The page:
Friday Review

The colour of nightmare

FROM SURREAL TO REAL A scene from the play.  

Torit Mitra, a painter-turned-playwright-director, is a keen observer of humanity living in a world torn by national chauvinism, war and mutual distrust . His plays staged by Sansaptak, a leading theatre group, are rich in metaphorical meaning and the design he himself conceptualises transforms his plays into an intense visual poetry, projecting nightmarish world of modern man. Most of his earlier plays have linear structure, adhering to the unity of time, place and action. His latest play “7 Raison d'etre” (Reasons of Being) presented by Sansaptak at B.C. Pal auditorium, is an experimental dramatic piece which projects a dark and bitter vision of contemporary society. Inspired by Akira Kurosawa's film “Yume” or ‘Dreams’, it is a creative effort to capture dreams projecting fragmented visual imagery marked by magic and surrealism.

Such a challenging script is directed by Sreemoyee Dasgupta , who is groomed as a theatre artist by Torit Mitra and Ruma Bose, the organisational and creative force that has raised Sansaptak, a multilingual theatre group marked by its commitment to offer discerning audience an artistic and socially relevant theatre. Sreemoyee’s debut as the director is promising who captures the right kind of ambience for projecting on the stage the fragments of dreamscape which have no beginning, no middle and no ending. This is an attempt to explore images embedded in the multiple recesses of human psyche. Subtle lighting design and variety of off stage musical tunes drawn from western and Indian music like compositions of Satyajit Ray, Rabindranath Tagore and Don McLean are aptly used as expressive means. Despite the fragmentary character of narrative, the blending of music and lighting projecting myriad hues imbue the production with a rhythm exuding feverish consciousness of humanity living in a dreadful and nightmarish world, a world which is heading towards a blind alley. Painter-turned-dramatist Torit’s images are painted by the director with colours which impart depth to playwright’s tormented vision.

One of the images illustrates that the existence of humanity is made dreadful by the collaboration of capitalism and unscrupulous scientists to produce nuclear weapons to annihilate human civilisation. There are seven images which reinforce the basic idea –dark and bitter – the play seeks to illustrate. There is a fragmented sequence showing soldiers killed in a war. They died because of the criminal negligence of their commander. Here the dead soldiers and commander confront each other. In their confrontation the boundaries between the dead and alive, time and space are blurred and distorted.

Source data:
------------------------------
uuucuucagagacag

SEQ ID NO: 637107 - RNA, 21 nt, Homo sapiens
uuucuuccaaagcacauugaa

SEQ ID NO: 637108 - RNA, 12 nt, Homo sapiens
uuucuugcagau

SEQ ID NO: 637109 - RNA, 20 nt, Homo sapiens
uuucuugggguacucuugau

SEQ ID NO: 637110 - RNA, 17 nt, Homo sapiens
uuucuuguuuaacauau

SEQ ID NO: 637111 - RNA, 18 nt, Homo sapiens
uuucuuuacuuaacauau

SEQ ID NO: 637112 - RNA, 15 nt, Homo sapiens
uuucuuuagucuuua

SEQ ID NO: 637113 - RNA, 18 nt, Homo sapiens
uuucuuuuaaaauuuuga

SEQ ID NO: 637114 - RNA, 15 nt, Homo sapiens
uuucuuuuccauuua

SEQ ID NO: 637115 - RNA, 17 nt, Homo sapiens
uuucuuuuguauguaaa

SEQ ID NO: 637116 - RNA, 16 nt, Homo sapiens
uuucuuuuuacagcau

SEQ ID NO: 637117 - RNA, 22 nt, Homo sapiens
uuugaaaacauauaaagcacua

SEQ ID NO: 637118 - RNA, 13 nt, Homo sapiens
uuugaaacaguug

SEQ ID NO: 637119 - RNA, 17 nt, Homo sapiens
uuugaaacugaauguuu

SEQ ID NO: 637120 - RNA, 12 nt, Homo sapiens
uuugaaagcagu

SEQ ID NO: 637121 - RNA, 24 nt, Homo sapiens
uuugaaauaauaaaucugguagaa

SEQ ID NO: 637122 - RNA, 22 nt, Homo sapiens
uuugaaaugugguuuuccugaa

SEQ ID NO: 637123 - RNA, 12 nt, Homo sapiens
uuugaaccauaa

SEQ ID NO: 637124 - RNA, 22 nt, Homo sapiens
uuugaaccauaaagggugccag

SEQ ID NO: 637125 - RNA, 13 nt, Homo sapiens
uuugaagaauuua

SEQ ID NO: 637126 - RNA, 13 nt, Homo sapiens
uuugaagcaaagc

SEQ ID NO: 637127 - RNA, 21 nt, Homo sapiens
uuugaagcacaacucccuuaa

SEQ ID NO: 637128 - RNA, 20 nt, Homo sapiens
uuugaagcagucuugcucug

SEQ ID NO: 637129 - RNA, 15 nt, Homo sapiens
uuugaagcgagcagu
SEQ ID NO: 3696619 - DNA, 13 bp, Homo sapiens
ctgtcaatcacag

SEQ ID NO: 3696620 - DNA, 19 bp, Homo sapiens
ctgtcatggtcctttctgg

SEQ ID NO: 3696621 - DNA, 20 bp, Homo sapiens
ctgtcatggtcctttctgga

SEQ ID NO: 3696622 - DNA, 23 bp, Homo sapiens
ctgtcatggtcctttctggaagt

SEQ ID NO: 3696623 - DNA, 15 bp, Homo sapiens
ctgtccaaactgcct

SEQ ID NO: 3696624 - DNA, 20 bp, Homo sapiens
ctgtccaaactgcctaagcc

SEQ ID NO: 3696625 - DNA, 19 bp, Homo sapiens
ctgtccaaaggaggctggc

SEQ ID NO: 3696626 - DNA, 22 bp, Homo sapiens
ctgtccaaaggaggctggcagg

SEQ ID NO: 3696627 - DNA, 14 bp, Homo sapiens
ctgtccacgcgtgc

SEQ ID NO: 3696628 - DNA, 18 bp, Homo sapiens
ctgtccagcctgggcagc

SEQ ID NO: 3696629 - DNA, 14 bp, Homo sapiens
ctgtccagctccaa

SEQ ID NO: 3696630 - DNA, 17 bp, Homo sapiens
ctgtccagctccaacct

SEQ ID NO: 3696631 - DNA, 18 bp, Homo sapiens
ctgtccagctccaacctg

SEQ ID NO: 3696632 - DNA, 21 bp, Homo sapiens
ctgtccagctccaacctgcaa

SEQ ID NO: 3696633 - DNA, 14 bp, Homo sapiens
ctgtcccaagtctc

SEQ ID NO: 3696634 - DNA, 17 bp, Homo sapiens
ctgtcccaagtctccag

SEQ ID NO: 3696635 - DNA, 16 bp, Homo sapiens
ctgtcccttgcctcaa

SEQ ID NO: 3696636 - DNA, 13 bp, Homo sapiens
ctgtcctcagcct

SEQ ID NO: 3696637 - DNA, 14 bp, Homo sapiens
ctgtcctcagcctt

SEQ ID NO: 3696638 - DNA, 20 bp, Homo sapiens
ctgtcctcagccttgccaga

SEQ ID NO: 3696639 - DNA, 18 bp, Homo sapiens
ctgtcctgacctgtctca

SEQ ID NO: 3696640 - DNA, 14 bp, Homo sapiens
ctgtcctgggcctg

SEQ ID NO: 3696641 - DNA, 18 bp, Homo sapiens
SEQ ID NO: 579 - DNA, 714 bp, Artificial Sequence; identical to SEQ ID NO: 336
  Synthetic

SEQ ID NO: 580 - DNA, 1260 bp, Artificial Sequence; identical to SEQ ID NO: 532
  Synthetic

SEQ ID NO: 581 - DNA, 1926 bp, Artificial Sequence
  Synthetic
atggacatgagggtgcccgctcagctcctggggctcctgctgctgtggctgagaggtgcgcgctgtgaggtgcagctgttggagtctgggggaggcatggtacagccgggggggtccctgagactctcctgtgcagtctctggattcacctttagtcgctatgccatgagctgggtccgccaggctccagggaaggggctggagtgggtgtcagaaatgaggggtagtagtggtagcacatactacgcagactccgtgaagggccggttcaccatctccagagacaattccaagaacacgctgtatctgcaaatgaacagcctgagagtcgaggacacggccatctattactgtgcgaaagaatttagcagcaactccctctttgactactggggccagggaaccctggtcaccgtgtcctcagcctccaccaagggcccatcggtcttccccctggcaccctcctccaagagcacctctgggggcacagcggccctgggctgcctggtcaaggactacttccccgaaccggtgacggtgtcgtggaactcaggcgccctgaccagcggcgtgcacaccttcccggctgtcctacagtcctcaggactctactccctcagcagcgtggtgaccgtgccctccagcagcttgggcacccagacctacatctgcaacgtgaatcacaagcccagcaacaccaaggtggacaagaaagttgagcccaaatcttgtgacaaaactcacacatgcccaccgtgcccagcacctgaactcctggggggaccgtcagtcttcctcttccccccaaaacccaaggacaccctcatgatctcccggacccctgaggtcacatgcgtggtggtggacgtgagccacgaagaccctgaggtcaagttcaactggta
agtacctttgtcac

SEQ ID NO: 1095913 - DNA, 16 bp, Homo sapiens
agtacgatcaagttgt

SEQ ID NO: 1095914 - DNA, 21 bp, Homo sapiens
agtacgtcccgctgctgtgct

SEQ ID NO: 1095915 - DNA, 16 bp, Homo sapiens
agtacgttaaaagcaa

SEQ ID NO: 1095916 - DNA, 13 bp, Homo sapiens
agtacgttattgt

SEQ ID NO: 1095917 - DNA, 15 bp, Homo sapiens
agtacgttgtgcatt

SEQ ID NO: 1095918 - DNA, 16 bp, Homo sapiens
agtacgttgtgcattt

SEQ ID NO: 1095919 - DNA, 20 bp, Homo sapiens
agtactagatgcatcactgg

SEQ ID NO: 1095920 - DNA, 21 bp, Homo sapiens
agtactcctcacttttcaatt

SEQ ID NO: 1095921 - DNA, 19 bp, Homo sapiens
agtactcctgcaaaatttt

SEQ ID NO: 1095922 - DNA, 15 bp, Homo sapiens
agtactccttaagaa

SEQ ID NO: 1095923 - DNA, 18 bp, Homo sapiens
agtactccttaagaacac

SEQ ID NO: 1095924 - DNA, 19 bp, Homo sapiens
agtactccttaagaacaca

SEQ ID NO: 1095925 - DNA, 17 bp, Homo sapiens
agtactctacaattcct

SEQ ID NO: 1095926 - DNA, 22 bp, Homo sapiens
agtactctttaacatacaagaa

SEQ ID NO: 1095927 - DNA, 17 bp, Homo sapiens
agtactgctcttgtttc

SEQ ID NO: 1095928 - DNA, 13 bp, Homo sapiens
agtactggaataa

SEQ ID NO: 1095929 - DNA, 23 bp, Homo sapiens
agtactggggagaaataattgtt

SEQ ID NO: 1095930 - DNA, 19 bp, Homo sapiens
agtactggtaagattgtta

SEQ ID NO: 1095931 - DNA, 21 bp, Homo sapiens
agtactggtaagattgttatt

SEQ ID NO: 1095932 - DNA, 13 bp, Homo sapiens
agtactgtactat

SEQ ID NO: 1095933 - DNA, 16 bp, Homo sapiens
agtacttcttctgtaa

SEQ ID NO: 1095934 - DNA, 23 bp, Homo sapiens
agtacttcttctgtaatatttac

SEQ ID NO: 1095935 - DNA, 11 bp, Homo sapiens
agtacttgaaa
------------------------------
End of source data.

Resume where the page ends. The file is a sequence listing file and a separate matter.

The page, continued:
In one image we meet painter Vincent van Gogh in an impoverished state, suffering from depression and interacts with his model, a woman, who questions the artist about the definition of art. Obsessed with his own inadequacy as a creative person and disturbed state of mind, the artist commits suicide.

In one place, we watch Buddhist monks chanting “Buddham Sharanam Gachhami”, conveying world peace as the panacea for humanity afflicted by morbidity. But in a world full of violence and mutual hatred all pacifist messages have lost their power to change the world.

Though the director sustained the ambience of the surrealism to create a metaphoric meaning for nightmarish, distorted and abstract dream world, she treats the concluding image in a realistic style which is about a barren landscape. A photographer is wandering to discover the causes of total devastation of the land. He starts conversation with a woman, asking her why the land is barren and why there is no river. The woman replies, “where there is no river, there cannot not be fertility.” The sequence seeks to use the character of woman as the metaphor for the mother earth. The change from surrealism to realism tends to be abrupt. The director should have sustained the ambience of surrealism with heightened musical tunes and stylised lighting effects.

The set with an abstract structure placed upstage is in tune with the basic aesthetics of the production. The two levels of the structure are aptly used for stylised movements of the performers. And the fine ensemble acting enriches the production.


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Printable version | Jul 29, 2021 7:27:02 AM | https://www.thehindu.com/features/friday-review/The-colour-of-nightmare/article16667508.ece

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